By DONNA NEELY
Maureen O’Nell, Michele Lee, Traci Miller, Jerri Rule and the entire New Leash on Life (NLOL) staff are very dedicated to improving the welfare of companion animals in Wilson County through shelter, home placement, spay/neuter along with community education and awareness programs. In addition, they educate and train the Wilson County Sheriff’s Department to be on the look out for neglected or homeless animals.
Over 200 community members interested in the same mission attended the first meeting in 1978. Those who met confessed to feeling helpless to aid in the cause of improving animal suffering and homelessness. There were no resources and no place for homeless animals to be sheltered in the area.
New Leash on Life was formed in July of the same year under the original name of the Humane Association of Wilson County by a group of caring individuals dedicated to end the suffering of abandoned and unwanted pets in Wilson County. In October 1978, the group became incorporated and began the goal of obtaining funds to build an animal shelter. In late 1982, the first successful capital campaign was launched, and in July 1983 the current adoption center was opened.
The adoption center employs five full-time and two part-time employees with varying backgrounds in animal welfare, veterinary and pet care. All are dedicated animal lovers and work from the heart. NLOL is blessed with dozens of extraordinary volunteers who are quite varied in their lifestyles. Volunteers who, despite working a 40+ hour work week, carve out time to tend to the cats and kittens from the adoption center who are waiting to be adopted at PetSmart at Providence Marketplace, Mt. Juliet. The group of dedicated animal lovers on our “Cat Team” cleans cat condos and litter boxes, feeds and waters them along with providing stimulating play with the felines twice per day, every day.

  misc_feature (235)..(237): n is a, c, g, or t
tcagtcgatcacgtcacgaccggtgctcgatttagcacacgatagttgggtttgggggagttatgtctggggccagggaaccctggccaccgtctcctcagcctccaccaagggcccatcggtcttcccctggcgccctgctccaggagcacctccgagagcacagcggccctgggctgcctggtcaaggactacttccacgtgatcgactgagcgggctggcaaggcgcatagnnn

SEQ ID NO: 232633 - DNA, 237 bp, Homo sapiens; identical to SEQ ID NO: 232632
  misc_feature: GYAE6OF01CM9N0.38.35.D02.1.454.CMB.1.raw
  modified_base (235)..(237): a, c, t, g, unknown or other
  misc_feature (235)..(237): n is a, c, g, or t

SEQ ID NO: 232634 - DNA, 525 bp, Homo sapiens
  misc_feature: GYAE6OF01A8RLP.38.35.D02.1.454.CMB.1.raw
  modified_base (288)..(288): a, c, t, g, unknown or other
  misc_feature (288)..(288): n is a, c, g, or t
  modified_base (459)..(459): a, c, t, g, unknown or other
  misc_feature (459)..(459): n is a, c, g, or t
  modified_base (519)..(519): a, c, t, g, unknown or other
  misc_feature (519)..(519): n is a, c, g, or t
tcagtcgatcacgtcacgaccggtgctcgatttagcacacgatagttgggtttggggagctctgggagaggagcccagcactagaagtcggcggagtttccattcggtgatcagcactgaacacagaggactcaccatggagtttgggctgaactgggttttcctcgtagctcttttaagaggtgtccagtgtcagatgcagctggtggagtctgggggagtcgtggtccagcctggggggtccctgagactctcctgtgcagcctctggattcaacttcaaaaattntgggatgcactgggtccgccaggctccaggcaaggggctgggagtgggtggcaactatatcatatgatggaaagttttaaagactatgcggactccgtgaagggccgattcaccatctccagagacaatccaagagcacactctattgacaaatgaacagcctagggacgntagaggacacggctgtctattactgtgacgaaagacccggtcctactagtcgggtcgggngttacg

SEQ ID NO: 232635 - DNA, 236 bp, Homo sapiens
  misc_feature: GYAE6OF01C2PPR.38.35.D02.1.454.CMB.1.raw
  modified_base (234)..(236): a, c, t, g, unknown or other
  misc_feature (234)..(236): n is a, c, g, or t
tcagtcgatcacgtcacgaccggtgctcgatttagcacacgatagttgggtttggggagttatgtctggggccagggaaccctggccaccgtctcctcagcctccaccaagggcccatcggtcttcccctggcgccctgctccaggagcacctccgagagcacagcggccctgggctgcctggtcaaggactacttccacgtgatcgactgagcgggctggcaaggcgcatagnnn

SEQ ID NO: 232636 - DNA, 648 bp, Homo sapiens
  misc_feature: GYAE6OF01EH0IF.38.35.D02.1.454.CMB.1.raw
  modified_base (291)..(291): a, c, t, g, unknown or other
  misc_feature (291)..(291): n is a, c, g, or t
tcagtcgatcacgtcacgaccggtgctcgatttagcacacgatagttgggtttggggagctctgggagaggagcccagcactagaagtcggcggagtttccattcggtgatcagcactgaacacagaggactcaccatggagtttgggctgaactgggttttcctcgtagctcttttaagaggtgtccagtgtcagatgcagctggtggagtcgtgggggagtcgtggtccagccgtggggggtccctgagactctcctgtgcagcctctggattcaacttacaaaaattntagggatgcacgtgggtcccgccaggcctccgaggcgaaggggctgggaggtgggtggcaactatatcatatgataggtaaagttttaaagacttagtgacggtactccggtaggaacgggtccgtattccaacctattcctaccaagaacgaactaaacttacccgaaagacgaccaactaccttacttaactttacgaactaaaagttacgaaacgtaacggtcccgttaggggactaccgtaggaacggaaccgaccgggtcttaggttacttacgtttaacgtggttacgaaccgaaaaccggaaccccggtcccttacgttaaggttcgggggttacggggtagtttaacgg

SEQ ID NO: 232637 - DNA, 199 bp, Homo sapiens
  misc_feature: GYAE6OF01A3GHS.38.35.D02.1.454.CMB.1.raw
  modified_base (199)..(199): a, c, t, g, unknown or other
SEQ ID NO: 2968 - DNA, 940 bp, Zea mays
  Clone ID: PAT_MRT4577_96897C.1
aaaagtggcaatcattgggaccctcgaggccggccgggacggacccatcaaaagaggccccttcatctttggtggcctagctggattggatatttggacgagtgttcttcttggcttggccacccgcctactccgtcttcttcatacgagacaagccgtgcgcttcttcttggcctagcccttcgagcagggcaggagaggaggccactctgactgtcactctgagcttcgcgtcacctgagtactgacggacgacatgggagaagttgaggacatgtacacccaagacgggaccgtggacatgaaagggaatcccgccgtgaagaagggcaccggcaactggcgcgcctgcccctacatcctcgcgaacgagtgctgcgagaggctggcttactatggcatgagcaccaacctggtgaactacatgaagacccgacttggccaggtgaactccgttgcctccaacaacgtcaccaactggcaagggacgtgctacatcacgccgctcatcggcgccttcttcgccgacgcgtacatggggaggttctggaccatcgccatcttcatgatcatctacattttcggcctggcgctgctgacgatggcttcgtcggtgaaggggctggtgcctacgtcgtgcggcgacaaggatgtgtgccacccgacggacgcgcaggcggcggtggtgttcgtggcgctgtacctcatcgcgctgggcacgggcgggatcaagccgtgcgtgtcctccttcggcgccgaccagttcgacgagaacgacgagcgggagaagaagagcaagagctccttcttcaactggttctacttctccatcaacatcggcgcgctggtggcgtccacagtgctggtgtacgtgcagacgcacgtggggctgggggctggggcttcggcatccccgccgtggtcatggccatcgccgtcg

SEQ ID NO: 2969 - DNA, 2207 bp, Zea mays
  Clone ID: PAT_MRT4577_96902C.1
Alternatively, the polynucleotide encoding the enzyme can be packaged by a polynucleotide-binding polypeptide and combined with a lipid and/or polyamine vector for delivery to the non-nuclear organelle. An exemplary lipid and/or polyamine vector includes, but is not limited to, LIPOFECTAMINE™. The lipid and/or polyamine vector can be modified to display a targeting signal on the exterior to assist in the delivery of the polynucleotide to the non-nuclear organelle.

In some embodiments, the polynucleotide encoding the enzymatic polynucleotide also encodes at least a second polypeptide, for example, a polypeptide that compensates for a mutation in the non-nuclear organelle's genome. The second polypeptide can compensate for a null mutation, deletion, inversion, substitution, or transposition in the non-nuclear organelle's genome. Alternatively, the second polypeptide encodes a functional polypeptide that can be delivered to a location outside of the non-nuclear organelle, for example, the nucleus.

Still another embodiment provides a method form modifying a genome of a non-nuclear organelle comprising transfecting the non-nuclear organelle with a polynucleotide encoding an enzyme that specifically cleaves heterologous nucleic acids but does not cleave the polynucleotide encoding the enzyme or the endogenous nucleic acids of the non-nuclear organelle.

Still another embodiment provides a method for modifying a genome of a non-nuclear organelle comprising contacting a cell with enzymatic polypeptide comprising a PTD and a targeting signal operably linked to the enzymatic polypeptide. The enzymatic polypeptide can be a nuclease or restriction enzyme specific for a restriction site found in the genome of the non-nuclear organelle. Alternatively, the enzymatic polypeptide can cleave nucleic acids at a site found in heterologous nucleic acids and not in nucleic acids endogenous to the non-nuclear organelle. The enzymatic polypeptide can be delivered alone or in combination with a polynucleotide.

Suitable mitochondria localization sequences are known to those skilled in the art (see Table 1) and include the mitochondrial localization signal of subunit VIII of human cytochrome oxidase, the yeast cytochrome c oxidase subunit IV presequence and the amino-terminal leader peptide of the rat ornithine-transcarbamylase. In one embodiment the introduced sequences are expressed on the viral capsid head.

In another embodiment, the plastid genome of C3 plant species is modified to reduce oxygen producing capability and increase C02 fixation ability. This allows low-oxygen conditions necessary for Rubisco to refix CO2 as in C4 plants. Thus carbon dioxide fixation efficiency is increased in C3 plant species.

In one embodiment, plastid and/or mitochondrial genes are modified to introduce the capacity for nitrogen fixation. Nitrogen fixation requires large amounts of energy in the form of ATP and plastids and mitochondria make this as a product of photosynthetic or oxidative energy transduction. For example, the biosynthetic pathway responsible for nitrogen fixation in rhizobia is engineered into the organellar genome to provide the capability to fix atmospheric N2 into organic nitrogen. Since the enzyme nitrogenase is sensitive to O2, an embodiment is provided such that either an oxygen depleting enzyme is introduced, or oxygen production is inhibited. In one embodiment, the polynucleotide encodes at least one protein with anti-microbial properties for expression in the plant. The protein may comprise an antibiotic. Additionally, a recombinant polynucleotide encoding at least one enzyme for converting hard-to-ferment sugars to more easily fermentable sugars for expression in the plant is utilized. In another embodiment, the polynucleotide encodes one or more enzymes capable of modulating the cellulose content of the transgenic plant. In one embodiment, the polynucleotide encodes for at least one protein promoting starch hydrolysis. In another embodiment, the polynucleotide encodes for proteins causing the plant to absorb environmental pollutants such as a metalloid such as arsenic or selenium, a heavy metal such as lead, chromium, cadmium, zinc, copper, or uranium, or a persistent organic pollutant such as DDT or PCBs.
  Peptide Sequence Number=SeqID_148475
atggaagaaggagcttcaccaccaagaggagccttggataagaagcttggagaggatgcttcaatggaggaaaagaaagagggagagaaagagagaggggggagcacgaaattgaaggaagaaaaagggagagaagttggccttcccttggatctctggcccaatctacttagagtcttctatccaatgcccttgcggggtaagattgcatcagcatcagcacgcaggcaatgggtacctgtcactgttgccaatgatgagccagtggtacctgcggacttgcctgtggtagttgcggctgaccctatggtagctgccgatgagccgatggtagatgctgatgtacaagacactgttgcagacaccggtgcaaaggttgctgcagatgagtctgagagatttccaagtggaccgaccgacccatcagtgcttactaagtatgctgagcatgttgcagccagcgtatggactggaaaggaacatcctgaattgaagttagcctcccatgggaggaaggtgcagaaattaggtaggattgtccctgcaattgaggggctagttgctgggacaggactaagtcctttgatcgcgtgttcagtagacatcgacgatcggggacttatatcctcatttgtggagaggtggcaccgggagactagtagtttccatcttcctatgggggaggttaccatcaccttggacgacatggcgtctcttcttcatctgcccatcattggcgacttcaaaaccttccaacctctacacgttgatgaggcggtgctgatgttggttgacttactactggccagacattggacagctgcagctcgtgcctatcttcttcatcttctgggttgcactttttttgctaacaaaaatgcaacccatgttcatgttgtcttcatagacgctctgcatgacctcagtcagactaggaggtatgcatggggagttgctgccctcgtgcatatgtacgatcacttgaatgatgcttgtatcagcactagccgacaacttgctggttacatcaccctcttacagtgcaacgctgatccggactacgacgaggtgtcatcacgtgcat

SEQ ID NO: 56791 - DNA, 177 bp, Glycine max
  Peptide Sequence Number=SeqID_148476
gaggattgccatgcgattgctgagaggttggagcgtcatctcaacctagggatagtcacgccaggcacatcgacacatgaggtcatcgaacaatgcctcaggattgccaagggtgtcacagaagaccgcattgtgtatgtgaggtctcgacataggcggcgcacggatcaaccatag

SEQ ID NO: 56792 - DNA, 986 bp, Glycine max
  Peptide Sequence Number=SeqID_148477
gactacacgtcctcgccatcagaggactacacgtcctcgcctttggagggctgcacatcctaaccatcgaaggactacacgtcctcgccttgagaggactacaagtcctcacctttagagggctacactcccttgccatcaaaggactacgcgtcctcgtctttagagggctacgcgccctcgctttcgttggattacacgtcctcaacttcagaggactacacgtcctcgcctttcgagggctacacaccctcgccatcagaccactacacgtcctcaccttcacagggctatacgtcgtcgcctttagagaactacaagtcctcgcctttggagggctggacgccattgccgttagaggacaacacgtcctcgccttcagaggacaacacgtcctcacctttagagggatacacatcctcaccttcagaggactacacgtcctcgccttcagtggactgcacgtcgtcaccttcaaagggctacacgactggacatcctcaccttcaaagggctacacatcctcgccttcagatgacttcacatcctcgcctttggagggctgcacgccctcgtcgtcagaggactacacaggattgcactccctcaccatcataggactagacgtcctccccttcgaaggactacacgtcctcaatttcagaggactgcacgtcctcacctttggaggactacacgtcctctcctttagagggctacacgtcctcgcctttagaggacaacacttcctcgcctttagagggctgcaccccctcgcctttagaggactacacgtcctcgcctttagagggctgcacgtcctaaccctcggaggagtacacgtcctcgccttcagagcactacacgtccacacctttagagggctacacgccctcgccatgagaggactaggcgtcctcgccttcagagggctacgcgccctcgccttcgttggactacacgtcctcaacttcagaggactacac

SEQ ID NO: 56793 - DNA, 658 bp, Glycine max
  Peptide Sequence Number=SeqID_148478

In addition to the cat team, we have a great group on the “Dog Team” who work tirelessly on Sundays at PetSmart when some of the dogs from the adoption center visit the store for off-site adoptions between 1pm and 4pm every Sunday. The team counsels potential adopters, assists families in selecting a new pet for their home, walks the dogs and talks about the mission of New Leash on Life with customers. There are individual volunteers who open up their homes to temporarily house or ‘foster’ a pet with special needs.
New Leash on Life could never assist the thousands of pets without a strong core of volunteers. If you’d like to become a volunteer, visit: http://newleashonline.com/volunteer_for_new_leash.
Executive Director Maureen O’Nell explained how important it is to educate the public about having their pets spayed or neutered and to educate everyone about the seriousness of pet overpopulation. New Leash on Life even provides low or no-cost surgeries for those families with pets that need to be spayed or neutered. It is a “no-kill” animal welfare organization as they do not use or agree with euthanasia as a means of controlling pet overpopulation.
Almost Home is the longest-standing operation of the NLOL family. Their mission is to establish permanent adoption of abandoned cats and dogs. They provide shelter, food, basic medical care and training to each rescued animal. It is not unusual for them to find animals left overnight in crates or chained to trees in front of the building. Last year they were able to touch the lives of over 1,300 companion animals that, through no choice or fault of their own, were handed over for their care. Almost Home is typically the only alternative for those seeking a safe-haven for their animal.
Recognizing the importance of spay/neuter in solving pet over population and homelessness, the organization began operating the first mobile spay/neuter clinic in Tennessee in 2000. The “Spay Station” provides spay/neuter services to qualifi ed, low-income pet caretakers in rural Tennessee who might otherwise be unable to afford these services. New Leash on Life provides these services at no cost to the pet caretaker. In 2003, they started “Snip & Tip”, a trap/neuter/return program for feral and free roaming cats. While the Adoption Center is the original building that was opened in 1983, in 2008 they opened the doors of “Fix For Life,” a low-cost, high-quality Humane Alliance-model spay/neuter clinic located near Baddour Parkway. With all of their spay/neuter programs combined, NLOL has sterilized well over 50,000 animals. New Leash on Life currently occupies a facility that has deteriorated.